Wharfies at the Port of Newcastle have held a four-hour stop work meeting over what the Maritime Union of Australia says is a move to prevent them from driving a new bulk unloading crane, which the union argues will threaten job security.
The meeting involved Newcastle's three stevedoring companies, which unanimously resolved to fight the introduction of the new crane and the port's plans for staff to support it - which the union said was "effectively a fourth stevedoring operator" and would undermine hours and work available for existing companies.
It also resolved that no wharfies from any of the three companies would unload the crane.
"We will stop at nothing to protect wharfies' jobs from coming under attack from the privatised port authority," MUA Newcastle branch secretary Glen Williams said.
"Management of the Port of Newcastle should be facilitating growth and working to assist the community, not introducing measures that effectively marginalise every stevedore in the port, create job insecurity and casualisation for wharfies and the local community.
"On top of this significant attack on wharfies, the Port of Newcastle is also attacking port service workers' conditions in enterprise agreement bargaining.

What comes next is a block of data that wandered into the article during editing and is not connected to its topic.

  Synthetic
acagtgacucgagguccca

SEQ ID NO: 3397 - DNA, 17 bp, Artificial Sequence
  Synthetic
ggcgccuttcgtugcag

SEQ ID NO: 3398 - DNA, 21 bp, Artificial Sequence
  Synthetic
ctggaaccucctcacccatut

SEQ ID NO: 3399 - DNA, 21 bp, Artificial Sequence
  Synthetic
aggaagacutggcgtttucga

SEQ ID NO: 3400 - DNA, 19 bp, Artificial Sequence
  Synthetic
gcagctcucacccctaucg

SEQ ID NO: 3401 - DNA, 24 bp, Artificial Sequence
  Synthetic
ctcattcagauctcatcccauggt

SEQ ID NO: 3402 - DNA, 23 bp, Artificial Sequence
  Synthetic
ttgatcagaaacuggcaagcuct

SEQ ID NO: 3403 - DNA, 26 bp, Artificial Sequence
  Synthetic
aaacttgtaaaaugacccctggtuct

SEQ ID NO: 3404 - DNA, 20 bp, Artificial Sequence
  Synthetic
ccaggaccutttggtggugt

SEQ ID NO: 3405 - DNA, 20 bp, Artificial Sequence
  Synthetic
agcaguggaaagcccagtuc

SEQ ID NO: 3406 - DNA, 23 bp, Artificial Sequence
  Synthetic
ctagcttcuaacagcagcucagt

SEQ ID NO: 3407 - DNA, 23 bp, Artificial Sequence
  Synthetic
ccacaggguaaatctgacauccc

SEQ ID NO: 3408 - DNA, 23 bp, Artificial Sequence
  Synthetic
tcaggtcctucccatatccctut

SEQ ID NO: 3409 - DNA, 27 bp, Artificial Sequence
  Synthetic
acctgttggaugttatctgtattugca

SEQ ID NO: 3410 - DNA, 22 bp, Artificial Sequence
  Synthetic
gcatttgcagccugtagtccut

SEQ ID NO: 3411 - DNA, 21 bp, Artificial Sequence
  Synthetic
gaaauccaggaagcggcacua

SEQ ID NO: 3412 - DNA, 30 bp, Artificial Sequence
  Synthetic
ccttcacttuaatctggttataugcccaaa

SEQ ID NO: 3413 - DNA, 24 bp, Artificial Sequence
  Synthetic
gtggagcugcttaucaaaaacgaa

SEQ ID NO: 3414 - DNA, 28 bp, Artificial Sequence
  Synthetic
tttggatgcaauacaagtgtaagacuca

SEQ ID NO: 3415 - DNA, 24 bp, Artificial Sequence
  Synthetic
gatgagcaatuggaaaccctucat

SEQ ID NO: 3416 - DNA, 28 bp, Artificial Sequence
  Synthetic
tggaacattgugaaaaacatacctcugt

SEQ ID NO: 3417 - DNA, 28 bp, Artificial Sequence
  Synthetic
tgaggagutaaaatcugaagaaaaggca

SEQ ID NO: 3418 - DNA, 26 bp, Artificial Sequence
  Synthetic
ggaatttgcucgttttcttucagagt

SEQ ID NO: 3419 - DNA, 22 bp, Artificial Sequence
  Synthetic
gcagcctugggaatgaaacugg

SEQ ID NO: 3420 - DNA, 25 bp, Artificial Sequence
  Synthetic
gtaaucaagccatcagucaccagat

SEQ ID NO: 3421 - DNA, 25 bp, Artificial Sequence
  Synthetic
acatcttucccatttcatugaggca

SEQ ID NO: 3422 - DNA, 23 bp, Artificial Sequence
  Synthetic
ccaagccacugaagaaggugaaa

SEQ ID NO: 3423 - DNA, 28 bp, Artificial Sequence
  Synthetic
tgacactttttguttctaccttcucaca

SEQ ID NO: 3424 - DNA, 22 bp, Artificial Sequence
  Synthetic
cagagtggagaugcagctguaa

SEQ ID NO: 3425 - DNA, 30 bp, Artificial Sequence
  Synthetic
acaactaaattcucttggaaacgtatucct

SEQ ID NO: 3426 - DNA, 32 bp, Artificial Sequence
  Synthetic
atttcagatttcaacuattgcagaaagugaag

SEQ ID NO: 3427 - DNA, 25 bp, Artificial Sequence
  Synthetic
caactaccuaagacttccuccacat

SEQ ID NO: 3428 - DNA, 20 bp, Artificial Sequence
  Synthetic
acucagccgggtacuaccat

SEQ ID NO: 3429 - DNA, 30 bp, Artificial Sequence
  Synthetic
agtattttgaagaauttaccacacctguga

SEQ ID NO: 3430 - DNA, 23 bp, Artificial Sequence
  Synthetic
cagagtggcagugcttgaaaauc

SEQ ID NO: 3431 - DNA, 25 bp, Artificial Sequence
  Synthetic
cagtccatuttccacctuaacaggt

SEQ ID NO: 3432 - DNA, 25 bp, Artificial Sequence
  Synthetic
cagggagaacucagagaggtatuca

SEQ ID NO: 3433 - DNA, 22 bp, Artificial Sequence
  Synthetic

"The MUA is in dispute with the Port of Newcastle about the erosion of workers' rights and conditions, and this attempt to strip core work from wharfies has created yet another point of tension."
MUA assistant national secretary Warren Smith said the union was demanding the withdrawal of the plan to exclude wharfies from their current work.
"Management must also consult with stakeholders to ensure any new equipment in the Port of Newcastle is designed to improve overall port productivity, but not at the expense of the working people of Newcastle and their community," he said.
"We won't go away. We will fight this."
A Port of Newcastle spokesperson said the $35 million state-of-the-art ship unloader incorporated the latest safety and environmental compliance features expected to "deliver efficiencies for customers".
"This level of infrastructure investment has not been seen before at Port of Newcastle since privatisation," the spokesperson said.
"Stevedore employees experience a high degree of casualisation. Port of Newcastle is interested in creating a number of full-time positions for wharf and crane operators that would provide workers with greater job security and the education and training required to support the operation of the new ship unloader.
"Port of Newcastle has initiated discussions with the Maritime Union of Australia regarding the project. While the parties have met on three occasions to discuss the project, these discussions are at a very early stage.
"Port of Newcastle does not currently have an Enterprise Agreement with the MUA for wharf operations."
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